The two winter storms earlier this year have resulted in outsized electric bills across the Greater Charleston area, delivering a wallop to customers' wallets.
The good news: There are easy ways to reduce the financial strain that can come with unusually high power bills.
One simple thing most residential electric customers can do is sign up with their utility company for averaged bills, typically called levelized billing. This means the power company will bill you for roughly the average amount of power you use each month, with no extra charges or fees.
That means the bill won't skyrocket if your power consumption spikes.
Here's an example of how that can work from my own electric bill.
My electricity bill for the period between mid-January and mid-February zoomed up to $274, the highest monthly bill I've had in years, because of to unusual heating costs. On SCE&G's budget billing plan, I would instead pay $172, which is roughly the average of my last 12 bills.
That sort of plan can help consumers, by making their bills predictable and easier to budget, and the power companies love it because it smooths out their revenues.
Typically, the utility company will figure out your average monthly cost, then adjust the amount from time to time to account for changes in rates or usage.
Note that levelized billing has nothing to do with SCE&G's "weather normalization adjustment" plan, where the utility raised or lowered people's bills based on undecipherable formulas involving weather trends. The WNA plan for electric consumers was not optional. It raised my bills over a more than two-year period, and was scrapped in December following consumer complaints.
Levelized billing, in contrast, simply averages people's bills to smooth out the ups and downs. Of course, paying less during the high cost periods means paying more during times when bills would otherwise be low.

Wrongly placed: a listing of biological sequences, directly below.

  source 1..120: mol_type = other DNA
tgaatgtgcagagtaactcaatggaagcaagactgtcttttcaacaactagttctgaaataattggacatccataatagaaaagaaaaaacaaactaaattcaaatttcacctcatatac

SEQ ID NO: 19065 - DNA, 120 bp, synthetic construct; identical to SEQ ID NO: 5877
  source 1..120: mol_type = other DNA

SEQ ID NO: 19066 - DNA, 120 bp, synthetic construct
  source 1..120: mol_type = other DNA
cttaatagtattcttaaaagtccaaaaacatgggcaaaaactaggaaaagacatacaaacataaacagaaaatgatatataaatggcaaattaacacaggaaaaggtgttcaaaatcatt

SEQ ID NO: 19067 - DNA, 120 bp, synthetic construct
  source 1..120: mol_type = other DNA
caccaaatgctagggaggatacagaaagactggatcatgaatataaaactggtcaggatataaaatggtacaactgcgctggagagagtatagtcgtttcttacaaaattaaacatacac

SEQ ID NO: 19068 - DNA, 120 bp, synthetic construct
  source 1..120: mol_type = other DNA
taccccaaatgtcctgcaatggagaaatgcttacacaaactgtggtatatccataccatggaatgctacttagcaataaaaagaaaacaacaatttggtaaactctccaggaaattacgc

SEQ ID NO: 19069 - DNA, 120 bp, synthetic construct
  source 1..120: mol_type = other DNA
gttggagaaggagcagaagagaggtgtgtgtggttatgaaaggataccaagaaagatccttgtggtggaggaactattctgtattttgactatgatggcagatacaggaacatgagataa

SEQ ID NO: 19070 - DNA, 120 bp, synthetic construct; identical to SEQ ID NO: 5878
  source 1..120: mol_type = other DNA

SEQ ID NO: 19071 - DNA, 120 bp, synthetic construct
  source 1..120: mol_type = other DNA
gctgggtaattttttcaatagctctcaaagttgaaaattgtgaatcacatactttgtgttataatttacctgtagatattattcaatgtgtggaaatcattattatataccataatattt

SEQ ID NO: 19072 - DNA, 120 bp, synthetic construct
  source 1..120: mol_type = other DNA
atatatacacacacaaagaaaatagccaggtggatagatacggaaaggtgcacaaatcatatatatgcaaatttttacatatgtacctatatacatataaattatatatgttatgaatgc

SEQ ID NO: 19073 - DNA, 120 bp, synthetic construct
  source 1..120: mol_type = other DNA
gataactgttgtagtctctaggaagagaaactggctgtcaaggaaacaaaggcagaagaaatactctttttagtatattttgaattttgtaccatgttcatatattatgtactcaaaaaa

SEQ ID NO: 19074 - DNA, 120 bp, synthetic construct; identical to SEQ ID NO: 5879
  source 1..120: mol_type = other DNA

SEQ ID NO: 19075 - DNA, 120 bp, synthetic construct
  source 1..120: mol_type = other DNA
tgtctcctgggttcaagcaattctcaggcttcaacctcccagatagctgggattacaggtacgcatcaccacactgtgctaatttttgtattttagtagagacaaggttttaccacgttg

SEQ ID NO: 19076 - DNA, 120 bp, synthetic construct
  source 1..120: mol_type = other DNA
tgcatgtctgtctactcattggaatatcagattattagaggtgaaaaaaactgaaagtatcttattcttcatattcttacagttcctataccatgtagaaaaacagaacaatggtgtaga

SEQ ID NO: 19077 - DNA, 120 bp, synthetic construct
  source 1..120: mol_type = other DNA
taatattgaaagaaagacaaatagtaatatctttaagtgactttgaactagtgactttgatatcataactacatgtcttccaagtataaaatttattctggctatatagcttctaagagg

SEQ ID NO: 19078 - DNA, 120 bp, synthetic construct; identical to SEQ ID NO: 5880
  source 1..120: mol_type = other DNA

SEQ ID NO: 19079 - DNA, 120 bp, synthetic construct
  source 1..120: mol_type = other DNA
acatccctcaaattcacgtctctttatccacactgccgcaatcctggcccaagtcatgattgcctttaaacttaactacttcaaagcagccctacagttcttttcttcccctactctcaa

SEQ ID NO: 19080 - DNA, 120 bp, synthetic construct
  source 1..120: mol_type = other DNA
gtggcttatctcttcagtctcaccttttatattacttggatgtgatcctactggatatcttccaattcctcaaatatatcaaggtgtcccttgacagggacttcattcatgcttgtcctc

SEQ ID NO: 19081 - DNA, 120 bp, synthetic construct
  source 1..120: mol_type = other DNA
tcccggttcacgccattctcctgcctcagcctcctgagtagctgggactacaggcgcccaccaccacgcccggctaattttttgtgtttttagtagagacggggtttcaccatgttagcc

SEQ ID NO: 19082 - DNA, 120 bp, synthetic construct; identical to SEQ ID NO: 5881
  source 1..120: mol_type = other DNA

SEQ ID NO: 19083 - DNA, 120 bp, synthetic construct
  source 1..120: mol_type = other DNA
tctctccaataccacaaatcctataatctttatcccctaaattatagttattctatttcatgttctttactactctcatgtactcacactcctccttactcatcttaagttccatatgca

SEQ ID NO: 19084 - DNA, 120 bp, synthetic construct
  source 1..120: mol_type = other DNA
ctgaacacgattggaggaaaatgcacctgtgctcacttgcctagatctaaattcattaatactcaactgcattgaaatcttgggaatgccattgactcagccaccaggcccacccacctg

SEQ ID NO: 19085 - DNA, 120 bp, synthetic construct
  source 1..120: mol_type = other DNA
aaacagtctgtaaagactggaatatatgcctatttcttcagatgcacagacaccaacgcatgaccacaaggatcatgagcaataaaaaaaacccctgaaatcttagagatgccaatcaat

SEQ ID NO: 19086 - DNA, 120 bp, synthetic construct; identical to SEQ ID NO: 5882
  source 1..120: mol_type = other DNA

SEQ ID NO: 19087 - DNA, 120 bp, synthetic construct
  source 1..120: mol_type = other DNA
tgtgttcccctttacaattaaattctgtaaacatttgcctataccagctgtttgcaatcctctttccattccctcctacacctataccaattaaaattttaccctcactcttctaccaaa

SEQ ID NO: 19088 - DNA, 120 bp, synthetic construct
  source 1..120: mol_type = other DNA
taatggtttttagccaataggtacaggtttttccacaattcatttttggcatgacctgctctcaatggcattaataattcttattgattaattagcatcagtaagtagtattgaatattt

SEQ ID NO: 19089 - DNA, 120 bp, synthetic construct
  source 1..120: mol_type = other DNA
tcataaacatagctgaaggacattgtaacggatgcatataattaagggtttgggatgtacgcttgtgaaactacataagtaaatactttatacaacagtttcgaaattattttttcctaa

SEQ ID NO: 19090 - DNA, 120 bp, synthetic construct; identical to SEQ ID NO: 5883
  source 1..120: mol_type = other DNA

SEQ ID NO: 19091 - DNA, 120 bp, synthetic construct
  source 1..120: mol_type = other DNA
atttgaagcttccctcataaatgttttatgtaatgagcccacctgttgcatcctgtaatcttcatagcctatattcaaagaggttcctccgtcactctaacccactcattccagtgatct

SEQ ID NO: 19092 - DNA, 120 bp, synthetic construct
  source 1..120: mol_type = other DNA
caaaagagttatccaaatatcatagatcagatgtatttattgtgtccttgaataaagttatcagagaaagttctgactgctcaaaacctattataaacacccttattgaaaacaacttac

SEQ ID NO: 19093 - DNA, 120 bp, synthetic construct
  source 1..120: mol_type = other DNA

In my case, levelized billing would shave more than $100 off my most recent bill, but would probably add that much to my bill in May or October, when the weather is wonderful in Charleston.
Berkeley Electric Cooperative, SCE&G, Edisto Electric Cooperative and Santee Cooper all offer levelized billing. Typically, to sign up you must have been a customer for at least 12 months (so that they can figure out your average bill), and you must be current on your power bills.
So, what else can you do to avoid spikes in your power costs for heating and cooling?
Some readers are probably saying wow, David, your highest monthly bill in years was $274? That's not terribly high at all.
Well, if I had not taken steps in recent years to make my home more energy-efficient, my bill would have been over $400. If your bills soar during the peak heating and cooling months, a modest investment in insulating your home and sealing air leaks can pay long-term dividends.
Two of the easiest and least expensive steps you can take, in my experience, are using a programmable thermostat to reduce power demand when you aren't home, and insulating the access door to your attic space, if you have one.
I bought a programmable thermostat for about $50 and installed it myself. When I had insulation added to my attic crawl space, the crew put a simple cover over the access door made of plywood and foam insulation - an afternoon DIY project for those so inclined.
For those who decide to take on more extensive projects, such as having their heating and cooling ducts sealed and replacing heating and cooling equipment, don't forget that many utility companies offer incentives, rebates and in some cases loan programs.
Reach David Slade at 937-5552.
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